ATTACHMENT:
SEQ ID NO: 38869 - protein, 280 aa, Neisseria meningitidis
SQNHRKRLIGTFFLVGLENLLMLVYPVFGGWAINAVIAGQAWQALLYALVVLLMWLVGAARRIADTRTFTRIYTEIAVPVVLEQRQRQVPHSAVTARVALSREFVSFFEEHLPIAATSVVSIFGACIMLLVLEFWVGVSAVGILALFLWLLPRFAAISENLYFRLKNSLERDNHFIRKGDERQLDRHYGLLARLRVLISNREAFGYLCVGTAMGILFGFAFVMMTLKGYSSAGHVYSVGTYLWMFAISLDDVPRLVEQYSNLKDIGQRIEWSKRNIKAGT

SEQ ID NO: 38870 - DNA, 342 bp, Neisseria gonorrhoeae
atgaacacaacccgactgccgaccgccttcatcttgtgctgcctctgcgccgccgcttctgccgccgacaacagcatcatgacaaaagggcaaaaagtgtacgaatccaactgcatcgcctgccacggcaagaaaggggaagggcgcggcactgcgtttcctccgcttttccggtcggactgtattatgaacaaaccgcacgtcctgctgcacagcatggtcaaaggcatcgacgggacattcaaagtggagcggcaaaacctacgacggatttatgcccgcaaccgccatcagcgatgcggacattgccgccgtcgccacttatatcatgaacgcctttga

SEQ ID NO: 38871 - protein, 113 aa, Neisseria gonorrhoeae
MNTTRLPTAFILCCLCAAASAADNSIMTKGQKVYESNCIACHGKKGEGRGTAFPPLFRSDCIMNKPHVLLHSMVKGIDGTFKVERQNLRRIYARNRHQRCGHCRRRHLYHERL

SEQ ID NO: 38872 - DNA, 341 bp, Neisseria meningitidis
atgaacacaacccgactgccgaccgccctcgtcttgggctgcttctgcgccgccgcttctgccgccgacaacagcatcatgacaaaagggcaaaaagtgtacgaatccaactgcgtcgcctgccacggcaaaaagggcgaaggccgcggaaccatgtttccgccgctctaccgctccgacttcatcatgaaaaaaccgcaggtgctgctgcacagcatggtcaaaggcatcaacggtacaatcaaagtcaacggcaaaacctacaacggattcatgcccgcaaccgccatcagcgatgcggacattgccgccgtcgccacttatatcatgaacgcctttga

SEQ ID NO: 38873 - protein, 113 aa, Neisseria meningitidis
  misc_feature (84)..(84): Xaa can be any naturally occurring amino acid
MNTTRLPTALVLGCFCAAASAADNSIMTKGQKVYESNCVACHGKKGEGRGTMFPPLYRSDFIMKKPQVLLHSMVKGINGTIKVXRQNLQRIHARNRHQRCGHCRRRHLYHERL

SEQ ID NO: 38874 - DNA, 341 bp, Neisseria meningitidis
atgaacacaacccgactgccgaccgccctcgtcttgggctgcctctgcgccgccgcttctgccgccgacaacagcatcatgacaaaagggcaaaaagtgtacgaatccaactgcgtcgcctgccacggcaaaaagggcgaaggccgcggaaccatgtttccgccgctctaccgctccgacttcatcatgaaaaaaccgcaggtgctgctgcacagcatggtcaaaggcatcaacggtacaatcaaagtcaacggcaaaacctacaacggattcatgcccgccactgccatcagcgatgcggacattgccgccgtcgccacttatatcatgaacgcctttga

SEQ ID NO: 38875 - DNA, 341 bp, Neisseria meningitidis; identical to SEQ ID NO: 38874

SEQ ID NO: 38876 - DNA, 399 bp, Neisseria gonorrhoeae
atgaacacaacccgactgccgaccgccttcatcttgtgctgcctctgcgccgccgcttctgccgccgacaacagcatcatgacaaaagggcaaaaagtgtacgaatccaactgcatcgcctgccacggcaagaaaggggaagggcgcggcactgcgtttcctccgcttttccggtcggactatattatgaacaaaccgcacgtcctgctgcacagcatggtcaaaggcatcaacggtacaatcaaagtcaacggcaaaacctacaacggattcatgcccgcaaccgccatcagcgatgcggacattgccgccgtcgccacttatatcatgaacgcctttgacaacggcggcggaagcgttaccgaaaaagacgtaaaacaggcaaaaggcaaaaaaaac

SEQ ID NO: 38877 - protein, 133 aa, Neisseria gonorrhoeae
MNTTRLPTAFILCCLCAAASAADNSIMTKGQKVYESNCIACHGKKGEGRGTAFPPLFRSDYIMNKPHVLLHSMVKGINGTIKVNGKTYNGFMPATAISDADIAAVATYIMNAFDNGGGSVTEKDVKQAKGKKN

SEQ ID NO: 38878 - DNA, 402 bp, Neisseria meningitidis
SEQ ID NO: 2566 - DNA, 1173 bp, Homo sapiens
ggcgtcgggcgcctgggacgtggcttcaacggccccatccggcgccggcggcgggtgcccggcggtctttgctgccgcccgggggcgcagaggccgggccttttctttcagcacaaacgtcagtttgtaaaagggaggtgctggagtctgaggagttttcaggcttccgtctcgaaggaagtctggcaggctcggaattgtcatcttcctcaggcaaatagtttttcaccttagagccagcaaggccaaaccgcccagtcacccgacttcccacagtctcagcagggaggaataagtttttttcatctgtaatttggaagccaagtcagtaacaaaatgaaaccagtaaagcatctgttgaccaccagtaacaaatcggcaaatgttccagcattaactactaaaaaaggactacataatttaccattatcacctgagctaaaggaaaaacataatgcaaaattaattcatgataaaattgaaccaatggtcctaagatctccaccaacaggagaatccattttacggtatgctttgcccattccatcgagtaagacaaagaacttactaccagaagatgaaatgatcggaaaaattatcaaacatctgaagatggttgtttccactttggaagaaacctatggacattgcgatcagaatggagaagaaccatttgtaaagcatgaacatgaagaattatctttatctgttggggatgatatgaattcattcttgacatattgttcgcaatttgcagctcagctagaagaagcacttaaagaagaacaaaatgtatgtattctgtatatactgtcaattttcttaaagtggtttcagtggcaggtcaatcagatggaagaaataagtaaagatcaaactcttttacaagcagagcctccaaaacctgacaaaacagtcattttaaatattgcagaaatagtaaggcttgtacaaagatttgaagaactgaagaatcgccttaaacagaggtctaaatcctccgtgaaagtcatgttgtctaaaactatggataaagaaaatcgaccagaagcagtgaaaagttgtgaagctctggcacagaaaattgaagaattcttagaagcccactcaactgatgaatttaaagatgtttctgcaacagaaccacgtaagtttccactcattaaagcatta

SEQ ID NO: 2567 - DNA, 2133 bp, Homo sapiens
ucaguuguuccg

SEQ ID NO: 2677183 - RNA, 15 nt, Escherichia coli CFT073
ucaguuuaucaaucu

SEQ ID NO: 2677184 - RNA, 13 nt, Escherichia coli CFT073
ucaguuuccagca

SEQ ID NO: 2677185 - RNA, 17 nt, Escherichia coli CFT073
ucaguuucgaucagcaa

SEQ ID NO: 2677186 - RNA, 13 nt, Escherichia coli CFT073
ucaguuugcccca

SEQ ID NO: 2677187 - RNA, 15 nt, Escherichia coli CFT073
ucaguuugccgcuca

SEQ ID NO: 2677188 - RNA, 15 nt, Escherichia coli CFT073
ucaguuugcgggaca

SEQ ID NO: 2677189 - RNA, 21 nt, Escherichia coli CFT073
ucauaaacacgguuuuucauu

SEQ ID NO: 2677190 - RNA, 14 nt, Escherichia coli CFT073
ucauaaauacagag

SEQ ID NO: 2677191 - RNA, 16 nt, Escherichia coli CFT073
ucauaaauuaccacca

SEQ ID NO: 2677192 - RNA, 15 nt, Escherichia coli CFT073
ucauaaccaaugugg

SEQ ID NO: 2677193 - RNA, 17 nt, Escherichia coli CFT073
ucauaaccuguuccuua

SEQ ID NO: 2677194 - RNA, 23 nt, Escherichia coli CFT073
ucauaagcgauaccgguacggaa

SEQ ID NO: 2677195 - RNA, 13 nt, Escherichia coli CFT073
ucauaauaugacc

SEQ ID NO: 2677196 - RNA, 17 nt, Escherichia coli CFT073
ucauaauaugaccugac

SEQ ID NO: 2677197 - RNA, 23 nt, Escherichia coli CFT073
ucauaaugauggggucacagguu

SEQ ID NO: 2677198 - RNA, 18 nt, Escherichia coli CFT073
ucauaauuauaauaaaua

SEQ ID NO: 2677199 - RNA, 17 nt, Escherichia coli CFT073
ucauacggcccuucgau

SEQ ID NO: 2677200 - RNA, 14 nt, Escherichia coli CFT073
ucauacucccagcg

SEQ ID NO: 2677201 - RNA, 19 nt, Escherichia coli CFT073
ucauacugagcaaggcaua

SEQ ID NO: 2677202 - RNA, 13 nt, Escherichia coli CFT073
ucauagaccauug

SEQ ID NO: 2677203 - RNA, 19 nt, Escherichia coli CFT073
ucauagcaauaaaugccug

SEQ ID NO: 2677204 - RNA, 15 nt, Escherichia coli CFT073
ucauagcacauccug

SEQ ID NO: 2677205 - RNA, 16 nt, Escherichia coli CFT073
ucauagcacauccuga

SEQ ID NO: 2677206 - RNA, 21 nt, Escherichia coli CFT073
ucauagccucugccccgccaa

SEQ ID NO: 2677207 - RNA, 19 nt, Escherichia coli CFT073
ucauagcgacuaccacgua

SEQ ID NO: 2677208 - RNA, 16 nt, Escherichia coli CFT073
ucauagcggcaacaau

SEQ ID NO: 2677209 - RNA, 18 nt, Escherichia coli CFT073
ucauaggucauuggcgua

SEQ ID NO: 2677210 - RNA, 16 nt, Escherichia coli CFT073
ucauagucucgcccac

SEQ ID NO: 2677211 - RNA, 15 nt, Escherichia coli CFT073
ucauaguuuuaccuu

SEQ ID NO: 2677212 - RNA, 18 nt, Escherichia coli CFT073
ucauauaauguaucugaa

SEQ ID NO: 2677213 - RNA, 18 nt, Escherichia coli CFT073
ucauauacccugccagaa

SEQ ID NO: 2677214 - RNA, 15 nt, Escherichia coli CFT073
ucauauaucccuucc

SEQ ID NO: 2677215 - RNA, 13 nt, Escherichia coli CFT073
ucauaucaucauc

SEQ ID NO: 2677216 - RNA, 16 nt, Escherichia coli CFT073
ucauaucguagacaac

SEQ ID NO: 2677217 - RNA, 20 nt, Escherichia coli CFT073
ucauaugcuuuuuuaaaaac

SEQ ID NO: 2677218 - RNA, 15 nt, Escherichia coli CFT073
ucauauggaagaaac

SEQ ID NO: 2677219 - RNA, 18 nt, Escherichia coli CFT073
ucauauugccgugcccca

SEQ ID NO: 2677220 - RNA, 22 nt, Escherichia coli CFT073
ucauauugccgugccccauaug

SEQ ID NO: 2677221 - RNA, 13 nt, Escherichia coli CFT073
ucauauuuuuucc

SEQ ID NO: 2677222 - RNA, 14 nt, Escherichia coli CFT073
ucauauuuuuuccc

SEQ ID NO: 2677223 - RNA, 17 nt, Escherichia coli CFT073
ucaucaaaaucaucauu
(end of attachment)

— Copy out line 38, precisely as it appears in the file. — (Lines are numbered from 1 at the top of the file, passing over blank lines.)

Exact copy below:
SEQ ID NO: 2677190 - RNA, 14 nt, Escherichia coli CFT073